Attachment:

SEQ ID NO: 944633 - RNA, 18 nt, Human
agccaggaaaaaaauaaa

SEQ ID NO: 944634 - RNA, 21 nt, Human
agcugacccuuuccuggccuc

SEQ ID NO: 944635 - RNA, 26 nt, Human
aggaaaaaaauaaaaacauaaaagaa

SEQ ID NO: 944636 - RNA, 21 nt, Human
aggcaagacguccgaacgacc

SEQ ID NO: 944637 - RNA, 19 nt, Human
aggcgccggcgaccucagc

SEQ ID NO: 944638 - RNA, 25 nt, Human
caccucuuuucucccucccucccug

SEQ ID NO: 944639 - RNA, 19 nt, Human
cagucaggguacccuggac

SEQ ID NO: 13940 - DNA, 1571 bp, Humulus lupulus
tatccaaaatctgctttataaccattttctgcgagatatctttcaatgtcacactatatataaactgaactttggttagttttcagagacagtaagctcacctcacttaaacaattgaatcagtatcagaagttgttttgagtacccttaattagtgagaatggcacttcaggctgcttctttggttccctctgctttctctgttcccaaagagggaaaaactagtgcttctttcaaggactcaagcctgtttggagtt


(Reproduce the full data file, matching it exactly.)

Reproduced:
SEQ ID NO: 944633 - RNA, 18 nt, Human
agccaggaaaaaaauaaa

SEQ ID NO: 944634 - RNA, 21 nt, Human
agcugacccuuuccuggccuc

SEQ ID NO: 944635 - RNA, 26 nt, Human
aggaaaaaaauaaaaacauaaaagaa

SEQ ID NO: 944636 - RNA, 21 nt, Human
aggcaagacguccgaacgacc

SEQ ID NO: 944637 - RNA, 19 nt, Human
aggcgccggcgaccucagc

SEQ ID NO: 944638 - RNA, 25 nt, Human
caccucuuuucucccucccucccug

SEQ ID NO: 944639 - RNA, 19 nt, Human
cagucaggguacccuggac

SEQ ID NO: 13940 - DNA, 1571 bp, Humulus lupulus
tatccaaaatctgctttataaccattttctgcgagatatctttcaatgtcacactatatataaactgaactttggttagttttcagagacagtaagctcacctcacttaaacaattgaatcagtatcagaagttgttttgagtacccttaattagtgagaatggcacttcaggctgcttctttggttccctctgctttctctgttcccaaagagggaaaaactagtgcttctttcaaggactcaagcctgtttggagtt